How To Convert A Commercial Property Into A Residential Property

by Real Estate 22 August 2022

Commercial Property

In the past, converting commercial premises into residential dwellings was difficult. However, in 2015, the introduction of The Town and County Planning (General Permitted Development) Order simplified the process. The recent ‘Use Class’ changes in 2020 also opened up many more conversion opportunities for developers.

Developing a commercial-to-residential property is now far more accessible, and increasing numbers of investors are cashing in on the opportunities this type of conversion offers.

As Stephen Clark, of Finbri Development Finance, explains, “As well as the lower taxes and faster decision making, commercial-to-residential conversions can also yield significant profits compared to residential conversions.

Commercial property is usually cheaper per square foot than residential, so a conversion could result in higher profit margins than purchasing a dilapidated residential property and renovating it.”

This guide will look at how you can complete a commercial-to-residential development and the benefits that this type of investment offers.

How To Convert A Commercial To A Residential Property

Commercial Building

In August 2020, the government introduced changes to the permitted development rights and a month later made significant changes to the Use Class system created through the Town and Country Planning (Use Classes) Order 1987.

As a result, the improvements mean that formerly underused locations and assets can be repurposed, resulting in the more effective use of underutilized land.

Step 1: Check if the property is an exception.

Many commercial buildings are now eligible for conversion to residential use; however, be aware that certain exclusions may exist.

These are some examples:

  • Buildings in areas set aside for conservation or national parks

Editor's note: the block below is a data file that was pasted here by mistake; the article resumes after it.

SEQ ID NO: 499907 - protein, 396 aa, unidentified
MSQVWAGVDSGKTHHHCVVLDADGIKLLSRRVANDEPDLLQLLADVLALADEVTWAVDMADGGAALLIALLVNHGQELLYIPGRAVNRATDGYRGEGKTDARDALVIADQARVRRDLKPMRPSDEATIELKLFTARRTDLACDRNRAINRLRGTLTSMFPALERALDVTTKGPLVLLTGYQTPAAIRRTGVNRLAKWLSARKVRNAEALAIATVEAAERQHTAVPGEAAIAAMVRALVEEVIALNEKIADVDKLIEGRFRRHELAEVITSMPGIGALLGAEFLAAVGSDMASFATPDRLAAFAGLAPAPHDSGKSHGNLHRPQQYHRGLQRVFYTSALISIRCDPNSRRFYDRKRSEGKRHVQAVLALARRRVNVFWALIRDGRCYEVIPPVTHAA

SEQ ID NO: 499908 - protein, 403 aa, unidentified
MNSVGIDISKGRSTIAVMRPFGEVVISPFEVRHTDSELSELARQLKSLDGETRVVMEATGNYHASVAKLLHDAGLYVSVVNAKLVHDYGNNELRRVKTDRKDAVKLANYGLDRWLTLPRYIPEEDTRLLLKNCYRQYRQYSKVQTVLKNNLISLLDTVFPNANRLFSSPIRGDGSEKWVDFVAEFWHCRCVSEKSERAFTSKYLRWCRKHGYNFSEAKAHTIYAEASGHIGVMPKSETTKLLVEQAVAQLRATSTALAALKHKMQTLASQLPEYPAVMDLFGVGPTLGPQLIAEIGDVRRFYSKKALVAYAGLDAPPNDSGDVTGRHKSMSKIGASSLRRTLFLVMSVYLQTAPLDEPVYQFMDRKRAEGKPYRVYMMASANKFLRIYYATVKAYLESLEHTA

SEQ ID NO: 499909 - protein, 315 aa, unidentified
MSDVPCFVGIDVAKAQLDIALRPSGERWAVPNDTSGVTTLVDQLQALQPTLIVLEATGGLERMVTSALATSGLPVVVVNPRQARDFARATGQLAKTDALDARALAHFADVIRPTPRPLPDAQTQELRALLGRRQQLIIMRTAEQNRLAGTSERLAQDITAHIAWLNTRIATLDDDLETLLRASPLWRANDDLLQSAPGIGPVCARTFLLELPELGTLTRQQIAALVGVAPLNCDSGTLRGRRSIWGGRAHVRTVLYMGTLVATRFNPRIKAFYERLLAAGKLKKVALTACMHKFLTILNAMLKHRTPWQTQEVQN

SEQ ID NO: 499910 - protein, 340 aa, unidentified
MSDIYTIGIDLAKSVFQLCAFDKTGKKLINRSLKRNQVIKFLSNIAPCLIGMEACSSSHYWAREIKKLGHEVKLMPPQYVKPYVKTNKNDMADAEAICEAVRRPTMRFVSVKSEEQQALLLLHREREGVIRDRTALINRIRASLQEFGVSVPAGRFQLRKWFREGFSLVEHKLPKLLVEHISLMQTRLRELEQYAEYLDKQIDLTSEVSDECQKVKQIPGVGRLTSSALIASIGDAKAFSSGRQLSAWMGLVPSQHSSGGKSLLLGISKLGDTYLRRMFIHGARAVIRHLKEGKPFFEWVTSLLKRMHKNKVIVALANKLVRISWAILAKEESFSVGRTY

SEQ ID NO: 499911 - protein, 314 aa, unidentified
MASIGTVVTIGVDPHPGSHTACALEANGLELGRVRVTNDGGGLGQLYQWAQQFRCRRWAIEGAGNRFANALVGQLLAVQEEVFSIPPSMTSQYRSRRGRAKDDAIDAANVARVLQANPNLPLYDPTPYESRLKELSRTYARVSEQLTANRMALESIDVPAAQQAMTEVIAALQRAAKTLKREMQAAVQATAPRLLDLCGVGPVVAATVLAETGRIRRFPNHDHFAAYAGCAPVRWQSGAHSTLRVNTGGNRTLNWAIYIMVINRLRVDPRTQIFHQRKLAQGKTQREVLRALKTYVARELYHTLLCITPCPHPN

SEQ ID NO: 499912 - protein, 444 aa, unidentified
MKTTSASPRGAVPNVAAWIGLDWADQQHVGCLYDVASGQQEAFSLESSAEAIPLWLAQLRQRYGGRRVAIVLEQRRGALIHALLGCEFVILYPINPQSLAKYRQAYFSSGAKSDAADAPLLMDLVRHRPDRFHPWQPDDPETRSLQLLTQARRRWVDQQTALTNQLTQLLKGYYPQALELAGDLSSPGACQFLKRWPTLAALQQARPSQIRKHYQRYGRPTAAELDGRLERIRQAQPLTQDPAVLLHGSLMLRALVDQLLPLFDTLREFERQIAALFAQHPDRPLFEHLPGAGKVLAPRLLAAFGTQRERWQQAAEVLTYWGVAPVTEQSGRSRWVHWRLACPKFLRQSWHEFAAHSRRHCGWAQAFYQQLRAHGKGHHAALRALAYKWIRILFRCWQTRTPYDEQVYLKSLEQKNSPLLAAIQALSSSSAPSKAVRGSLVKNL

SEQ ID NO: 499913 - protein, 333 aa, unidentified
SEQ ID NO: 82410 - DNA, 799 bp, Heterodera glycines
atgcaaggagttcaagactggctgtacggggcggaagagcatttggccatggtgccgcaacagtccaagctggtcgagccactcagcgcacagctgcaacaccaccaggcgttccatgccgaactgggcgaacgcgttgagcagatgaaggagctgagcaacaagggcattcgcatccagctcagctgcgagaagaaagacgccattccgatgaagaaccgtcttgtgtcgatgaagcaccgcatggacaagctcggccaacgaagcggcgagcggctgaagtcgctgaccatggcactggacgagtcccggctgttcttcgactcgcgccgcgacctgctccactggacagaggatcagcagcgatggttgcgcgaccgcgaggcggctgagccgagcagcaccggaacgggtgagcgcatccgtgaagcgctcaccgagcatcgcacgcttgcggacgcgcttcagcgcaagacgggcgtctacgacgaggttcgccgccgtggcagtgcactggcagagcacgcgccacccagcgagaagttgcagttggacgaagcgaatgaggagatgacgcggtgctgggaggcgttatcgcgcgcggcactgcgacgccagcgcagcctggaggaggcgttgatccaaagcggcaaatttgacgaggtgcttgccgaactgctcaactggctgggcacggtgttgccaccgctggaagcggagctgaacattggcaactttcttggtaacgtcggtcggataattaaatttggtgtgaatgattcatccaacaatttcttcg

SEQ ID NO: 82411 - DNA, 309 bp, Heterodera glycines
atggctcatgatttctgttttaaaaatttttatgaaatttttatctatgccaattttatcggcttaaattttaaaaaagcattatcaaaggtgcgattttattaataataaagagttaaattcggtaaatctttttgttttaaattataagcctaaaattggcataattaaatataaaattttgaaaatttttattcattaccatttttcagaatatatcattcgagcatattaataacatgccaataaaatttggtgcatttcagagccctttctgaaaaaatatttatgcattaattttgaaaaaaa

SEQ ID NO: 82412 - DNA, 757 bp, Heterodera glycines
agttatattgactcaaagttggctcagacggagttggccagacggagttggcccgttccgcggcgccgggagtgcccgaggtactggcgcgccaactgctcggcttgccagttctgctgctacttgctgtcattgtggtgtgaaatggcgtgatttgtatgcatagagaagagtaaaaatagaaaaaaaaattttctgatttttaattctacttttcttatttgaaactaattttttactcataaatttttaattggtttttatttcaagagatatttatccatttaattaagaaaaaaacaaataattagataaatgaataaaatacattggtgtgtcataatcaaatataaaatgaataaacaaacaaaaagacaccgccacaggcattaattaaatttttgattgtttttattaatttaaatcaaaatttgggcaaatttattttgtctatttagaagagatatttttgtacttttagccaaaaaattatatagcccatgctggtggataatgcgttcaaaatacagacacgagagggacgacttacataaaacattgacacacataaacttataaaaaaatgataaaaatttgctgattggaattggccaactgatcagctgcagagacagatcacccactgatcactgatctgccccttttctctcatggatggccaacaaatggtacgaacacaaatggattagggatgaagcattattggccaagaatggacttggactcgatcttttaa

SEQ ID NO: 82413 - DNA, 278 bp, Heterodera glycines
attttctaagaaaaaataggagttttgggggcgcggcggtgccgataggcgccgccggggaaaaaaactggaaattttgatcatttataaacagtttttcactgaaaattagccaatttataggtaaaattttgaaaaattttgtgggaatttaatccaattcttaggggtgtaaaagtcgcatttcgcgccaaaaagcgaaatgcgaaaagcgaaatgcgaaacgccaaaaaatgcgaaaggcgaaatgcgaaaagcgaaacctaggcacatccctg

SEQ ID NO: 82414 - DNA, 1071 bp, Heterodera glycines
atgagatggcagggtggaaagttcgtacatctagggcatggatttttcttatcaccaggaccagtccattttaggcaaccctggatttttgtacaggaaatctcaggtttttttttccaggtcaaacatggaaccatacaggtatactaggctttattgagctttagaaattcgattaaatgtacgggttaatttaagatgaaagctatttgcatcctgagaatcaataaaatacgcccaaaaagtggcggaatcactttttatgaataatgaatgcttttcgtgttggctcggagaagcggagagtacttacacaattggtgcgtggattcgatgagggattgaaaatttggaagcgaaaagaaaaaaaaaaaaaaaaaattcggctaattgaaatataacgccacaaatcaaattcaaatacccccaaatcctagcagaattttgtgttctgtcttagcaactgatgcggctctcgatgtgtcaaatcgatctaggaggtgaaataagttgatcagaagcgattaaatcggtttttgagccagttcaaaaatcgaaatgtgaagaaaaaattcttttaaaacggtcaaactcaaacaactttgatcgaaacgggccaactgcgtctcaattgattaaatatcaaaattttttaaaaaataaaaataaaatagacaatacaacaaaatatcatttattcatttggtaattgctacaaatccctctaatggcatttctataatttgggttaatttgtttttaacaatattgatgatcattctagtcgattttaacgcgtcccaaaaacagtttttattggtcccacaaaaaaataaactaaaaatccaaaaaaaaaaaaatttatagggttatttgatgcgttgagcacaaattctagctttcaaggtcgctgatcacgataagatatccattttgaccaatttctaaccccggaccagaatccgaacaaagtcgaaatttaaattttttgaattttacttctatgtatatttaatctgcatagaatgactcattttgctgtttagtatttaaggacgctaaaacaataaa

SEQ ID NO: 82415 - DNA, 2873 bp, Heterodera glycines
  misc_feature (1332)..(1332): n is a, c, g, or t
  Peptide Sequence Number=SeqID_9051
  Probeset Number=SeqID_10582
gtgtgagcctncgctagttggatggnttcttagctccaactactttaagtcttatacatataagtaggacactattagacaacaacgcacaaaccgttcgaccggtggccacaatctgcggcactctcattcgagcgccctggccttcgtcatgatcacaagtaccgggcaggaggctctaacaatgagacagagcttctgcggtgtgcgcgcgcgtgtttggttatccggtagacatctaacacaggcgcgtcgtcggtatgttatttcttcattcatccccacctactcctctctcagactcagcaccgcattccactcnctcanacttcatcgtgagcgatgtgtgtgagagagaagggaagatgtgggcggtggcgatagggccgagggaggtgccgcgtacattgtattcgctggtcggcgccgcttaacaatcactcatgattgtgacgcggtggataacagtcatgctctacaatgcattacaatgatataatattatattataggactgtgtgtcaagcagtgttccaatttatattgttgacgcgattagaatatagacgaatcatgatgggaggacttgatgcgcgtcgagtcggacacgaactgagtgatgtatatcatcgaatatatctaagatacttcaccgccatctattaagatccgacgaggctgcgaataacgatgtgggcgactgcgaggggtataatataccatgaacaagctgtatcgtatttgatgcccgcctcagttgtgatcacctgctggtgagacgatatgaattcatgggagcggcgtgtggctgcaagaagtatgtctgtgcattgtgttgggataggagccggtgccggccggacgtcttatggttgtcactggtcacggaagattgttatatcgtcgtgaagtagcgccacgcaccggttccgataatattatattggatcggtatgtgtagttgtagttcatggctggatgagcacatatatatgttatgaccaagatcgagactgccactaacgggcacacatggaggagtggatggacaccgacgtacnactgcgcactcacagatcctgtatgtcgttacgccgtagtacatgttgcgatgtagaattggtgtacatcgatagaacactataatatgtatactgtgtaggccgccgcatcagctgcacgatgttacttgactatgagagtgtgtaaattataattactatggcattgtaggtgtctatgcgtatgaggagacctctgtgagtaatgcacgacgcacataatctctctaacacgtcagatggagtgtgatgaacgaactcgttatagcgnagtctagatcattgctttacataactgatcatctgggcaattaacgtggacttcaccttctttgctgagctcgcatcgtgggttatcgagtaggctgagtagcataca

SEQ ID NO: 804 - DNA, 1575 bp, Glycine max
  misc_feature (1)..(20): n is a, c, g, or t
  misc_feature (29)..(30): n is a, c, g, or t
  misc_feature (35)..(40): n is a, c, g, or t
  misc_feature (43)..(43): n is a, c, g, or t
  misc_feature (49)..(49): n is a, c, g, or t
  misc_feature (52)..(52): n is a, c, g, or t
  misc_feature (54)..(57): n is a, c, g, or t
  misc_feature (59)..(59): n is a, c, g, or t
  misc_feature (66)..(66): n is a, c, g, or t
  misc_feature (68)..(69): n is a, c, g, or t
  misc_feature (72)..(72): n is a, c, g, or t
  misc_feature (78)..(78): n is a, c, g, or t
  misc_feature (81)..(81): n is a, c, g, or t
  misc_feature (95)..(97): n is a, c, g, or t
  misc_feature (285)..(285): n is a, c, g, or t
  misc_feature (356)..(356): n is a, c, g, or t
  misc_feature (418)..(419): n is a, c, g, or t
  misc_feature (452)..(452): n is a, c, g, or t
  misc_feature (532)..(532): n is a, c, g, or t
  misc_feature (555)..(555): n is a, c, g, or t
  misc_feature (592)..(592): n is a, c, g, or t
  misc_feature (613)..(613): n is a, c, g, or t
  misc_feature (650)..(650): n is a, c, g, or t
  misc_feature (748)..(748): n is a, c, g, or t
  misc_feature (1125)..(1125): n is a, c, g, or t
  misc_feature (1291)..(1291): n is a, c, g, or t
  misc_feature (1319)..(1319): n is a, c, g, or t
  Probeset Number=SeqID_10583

• Areas of natural beauty or scientific interest that have buildings
  • Listed buildings
  • Buildings in military explosive zones or safety hazard zones

If you’re unsure, always check before purchasing the property. Although the above are exceptions, they may be possible to convert but will need planning permission and the help of an architectural firm.

The construction may need to be completed to a certain standard, and official rules may limit your plans for the design. There are also different rules for each local government, with some having more restrictions on permitted development than others.

Step 2: Find out the building class for the property.

In the UK, all buildings are categorized into a “Use Class.” It is important to note that the changes made in September 2020 mean several classes were revoked, including Classes A, B, and D.

In a general sense, these classes are:

  • Class B includes general industrial structures (but not waste or chemical treatment facilities) and storage/distribution centers.
  • Class C includes residential structures such as residences, hotels, and care facilities.
  • Class E buildings include those used for commercial, business, or service purposes, such as stores, nurseries, or administrative offices.
  • Class F includes community and learning centers such as museums, public libraries, small stores selling necessities, and meeting halls.

To continue with a commercial-to-residential conversion, you have to apply to change the use class. Depending on what class the building was when it was first built, you might not even need planning permission to carry out the intended development.

Step 3: Decide if you need planning permission.

Some changes don’t need planning permission, but you will still need approval from the local council.

Examples are:

  • Shops
  • Retail warehouses
  • Showrooms
  • Light industrial premises
  • Banks